30 September 2014

Other music

Research suggests that half of the world's wildlife [1] have been eliminated in the last forty years. The news must be a dark cloud over almost anyone with a capacity for wonder [2].

I find myself turning to Aldo Leopold (1949):
This song of the waters is audible to every ear, but there is other music in these hills, by no means audible to all. To hear even a few notes of it you must first live here for a long time, and you must know the speech of hills and rivers. Then on a still night, when the campfire is low and the Pleiades have climbed over rimrocks, sit quietly and listen for a wolf to howl, and think hard of everything you have seen and tried to understand. Then you may hear it—a vast pulsing harmony—its score inscribed on a thousand hills, its notes the lives and deaths of plants and animals, its rhythms spanning the seconds and the centuries.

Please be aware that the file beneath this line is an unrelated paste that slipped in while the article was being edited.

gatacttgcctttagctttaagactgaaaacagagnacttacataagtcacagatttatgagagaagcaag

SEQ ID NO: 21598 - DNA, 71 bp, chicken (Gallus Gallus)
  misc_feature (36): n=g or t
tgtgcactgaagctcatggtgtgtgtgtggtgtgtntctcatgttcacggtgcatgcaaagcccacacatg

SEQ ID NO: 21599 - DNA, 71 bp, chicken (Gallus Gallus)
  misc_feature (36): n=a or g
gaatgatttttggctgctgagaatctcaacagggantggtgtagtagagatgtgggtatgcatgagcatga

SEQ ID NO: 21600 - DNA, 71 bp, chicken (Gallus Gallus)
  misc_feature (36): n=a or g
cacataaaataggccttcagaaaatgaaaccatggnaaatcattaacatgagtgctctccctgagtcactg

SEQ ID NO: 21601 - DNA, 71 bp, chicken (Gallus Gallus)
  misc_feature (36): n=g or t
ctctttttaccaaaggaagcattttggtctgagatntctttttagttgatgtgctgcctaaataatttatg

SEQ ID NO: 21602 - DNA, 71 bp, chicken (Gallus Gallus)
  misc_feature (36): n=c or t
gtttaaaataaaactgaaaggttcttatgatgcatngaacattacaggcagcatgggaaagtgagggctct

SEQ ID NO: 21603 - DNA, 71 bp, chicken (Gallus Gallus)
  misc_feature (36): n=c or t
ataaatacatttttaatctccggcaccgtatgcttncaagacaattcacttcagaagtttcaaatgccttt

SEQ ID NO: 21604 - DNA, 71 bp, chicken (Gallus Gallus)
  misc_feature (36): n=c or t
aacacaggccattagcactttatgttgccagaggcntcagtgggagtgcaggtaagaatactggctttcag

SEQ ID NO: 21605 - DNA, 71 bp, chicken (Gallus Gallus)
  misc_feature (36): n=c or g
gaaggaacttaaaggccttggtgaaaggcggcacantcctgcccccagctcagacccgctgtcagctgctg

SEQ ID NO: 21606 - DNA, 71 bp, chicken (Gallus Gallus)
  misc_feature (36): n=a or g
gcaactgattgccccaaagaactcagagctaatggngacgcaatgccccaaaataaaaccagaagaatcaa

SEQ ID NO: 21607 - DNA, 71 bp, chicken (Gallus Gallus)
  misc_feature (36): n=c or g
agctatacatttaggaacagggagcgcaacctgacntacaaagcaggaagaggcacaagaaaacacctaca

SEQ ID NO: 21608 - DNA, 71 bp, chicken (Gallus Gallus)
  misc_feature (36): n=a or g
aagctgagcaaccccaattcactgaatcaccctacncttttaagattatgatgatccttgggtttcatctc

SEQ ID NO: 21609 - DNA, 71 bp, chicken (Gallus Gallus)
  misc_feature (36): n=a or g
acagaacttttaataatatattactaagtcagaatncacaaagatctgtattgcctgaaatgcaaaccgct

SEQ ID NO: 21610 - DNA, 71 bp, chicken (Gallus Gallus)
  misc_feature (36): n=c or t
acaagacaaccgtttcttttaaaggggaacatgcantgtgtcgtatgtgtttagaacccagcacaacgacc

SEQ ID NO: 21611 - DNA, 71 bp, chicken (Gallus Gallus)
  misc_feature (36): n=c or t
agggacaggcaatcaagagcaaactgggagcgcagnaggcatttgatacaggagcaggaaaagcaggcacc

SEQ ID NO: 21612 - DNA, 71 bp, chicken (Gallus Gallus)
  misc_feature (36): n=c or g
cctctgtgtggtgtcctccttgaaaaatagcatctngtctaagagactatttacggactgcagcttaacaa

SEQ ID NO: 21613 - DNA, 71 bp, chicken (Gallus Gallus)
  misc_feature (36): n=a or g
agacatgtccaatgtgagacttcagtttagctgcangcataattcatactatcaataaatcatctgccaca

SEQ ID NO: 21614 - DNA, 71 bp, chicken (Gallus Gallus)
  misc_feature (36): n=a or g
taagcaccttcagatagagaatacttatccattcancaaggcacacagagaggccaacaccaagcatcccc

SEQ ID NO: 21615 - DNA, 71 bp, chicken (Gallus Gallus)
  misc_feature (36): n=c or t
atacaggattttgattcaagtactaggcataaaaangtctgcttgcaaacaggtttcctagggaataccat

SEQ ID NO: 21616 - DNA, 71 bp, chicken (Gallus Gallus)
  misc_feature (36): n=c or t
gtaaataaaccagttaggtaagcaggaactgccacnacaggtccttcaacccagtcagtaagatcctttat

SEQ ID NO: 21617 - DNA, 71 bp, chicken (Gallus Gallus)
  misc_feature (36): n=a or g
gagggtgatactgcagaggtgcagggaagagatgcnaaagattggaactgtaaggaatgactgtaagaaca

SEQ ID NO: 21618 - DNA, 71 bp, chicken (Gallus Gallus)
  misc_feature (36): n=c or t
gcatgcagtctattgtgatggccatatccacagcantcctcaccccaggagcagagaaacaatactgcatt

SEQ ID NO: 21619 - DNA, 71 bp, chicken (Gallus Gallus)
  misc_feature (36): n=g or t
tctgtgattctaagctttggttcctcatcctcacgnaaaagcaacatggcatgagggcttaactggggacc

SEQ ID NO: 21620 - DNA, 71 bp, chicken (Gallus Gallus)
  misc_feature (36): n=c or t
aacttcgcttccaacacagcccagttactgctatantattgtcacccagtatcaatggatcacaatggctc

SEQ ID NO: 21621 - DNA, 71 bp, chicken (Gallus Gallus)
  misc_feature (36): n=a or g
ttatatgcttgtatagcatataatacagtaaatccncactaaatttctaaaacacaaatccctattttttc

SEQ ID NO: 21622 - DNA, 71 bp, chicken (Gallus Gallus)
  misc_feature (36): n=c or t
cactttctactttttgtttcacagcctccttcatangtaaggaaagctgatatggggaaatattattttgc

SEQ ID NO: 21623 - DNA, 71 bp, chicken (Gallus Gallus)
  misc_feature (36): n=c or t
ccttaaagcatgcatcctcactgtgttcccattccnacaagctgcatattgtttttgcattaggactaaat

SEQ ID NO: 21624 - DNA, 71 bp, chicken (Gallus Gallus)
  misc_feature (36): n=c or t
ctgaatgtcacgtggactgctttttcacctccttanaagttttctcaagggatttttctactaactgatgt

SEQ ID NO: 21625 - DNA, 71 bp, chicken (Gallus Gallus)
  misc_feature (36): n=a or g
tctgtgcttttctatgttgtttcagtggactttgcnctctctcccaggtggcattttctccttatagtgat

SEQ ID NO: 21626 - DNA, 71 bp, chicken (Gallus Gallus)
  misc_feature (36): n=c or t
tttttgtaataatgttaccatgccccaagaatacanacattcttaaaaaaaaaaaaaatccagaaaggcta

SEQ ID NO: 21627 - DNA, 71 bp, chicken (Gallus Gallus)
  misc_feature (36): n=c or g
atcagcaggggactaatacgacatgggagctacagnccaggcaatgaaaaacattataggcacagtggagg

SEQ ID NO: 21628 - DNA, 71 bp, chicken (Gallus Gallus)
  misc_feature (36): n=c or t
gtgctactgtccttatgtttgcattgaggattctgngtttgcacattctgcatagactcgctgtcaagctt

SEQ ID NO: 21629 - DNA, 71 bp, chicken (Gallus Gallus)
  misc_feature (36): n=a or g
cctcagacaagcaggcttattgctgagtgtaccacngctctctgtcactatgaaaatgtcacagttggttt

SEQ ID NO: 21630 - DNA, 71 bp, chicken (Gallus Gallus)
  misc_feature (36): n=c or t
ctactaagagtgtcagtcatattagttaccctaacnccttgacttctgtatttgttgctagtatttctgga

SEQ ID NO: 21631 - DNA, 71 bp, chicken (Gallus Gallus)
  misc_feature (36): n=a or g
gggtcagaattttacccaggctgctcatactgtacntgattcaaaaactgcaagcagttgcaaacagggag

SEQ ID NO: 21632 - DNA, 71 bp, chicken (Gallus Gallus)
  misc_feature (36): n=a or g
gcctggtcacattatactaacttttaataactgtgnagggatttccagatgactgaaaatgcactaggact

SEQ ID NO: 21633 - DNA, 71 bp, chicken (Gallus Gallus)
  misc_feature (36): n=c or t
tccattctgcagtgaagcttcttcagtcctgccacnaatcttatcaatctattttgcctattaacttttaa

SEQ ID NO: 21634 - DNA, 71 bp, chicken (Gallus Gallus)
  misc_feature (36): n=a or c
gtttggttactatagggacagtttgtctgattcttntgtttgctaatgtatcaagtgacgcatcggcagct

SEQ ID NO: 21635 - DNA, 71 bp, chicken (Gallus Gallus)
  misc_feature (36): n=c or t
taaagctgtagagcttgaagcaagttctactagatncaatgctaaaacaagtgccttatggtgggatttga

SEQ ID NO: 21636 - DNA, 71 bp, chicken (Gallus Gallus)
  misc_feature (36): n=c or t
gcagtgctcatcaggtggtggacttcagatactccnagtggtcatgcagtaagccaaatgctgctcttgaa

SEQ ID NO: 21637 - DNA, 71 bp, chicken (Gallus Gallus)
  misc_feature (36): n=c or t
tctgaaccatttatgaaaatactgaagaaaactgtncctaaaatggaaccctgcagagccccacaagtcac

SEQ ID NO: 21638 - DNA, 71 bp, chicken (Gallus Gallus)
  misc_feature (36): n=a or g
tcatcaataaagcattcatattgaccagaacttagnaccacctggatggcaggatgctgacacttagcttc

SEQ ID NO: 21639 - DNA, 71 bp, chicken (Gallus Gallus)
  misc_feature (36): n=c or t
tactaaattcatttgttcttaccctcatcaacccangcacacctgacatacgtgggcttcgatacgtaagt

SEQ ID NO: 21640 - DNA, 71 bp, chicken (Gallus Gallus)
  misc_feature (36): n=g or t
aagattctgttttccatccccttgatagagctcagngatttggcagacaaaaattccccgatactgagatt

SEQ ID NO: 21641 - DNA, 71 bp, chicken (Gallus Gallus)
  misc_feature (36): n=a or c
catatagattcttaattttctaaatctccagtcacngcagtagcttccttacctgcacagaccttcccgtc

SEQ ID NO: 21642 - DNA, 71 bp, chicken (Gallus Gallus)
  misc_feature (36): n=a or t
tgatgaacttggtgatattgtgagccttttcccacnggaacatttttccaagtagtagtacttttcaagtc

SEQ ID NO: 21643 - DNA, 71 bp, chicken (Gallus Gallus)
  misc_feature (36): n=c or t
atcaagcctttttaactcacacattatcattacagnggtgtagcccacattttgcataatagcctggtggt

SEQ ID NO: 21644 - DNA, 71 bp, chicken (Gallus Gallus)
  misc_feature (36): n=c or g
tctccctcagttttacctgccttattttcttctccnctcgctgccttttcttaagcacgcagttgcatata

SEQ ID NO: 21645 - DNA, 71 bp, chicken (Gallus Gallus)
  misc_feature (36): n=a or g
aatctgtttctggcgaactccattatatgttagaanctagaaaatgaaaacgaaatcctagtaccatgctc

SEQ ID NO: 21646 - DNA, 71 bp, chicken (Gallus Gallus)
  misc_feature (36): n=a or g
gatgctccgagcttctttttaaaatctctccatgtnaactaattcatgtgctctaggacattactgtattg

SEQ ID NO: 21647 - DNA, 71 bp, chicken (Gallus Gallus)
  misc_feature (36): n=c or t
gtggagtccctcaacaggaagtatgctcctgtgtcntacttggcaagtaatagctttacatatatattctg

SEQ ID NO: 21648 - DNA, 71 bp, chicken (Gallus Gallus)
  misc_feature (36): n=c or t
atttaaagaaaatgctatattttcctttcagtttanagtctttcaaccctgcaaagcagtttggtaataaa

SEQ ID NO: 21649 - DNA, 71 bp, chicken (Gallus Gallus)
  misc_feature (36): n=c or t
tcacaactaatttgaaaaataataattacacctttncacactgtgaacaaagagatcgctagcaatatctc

[1] (Added 14 October 2014) The 11 October 2014 edition of More or Less on the BBC World Service unpacks the detail behind that headline, and slightly misleading, figure.

[2] though that doesn't stop it being a source for humour

Image: rear end of Soviet jet train via EnglishRussia. Update 3 Oct: See also the work of Cai Guo-Qiang.

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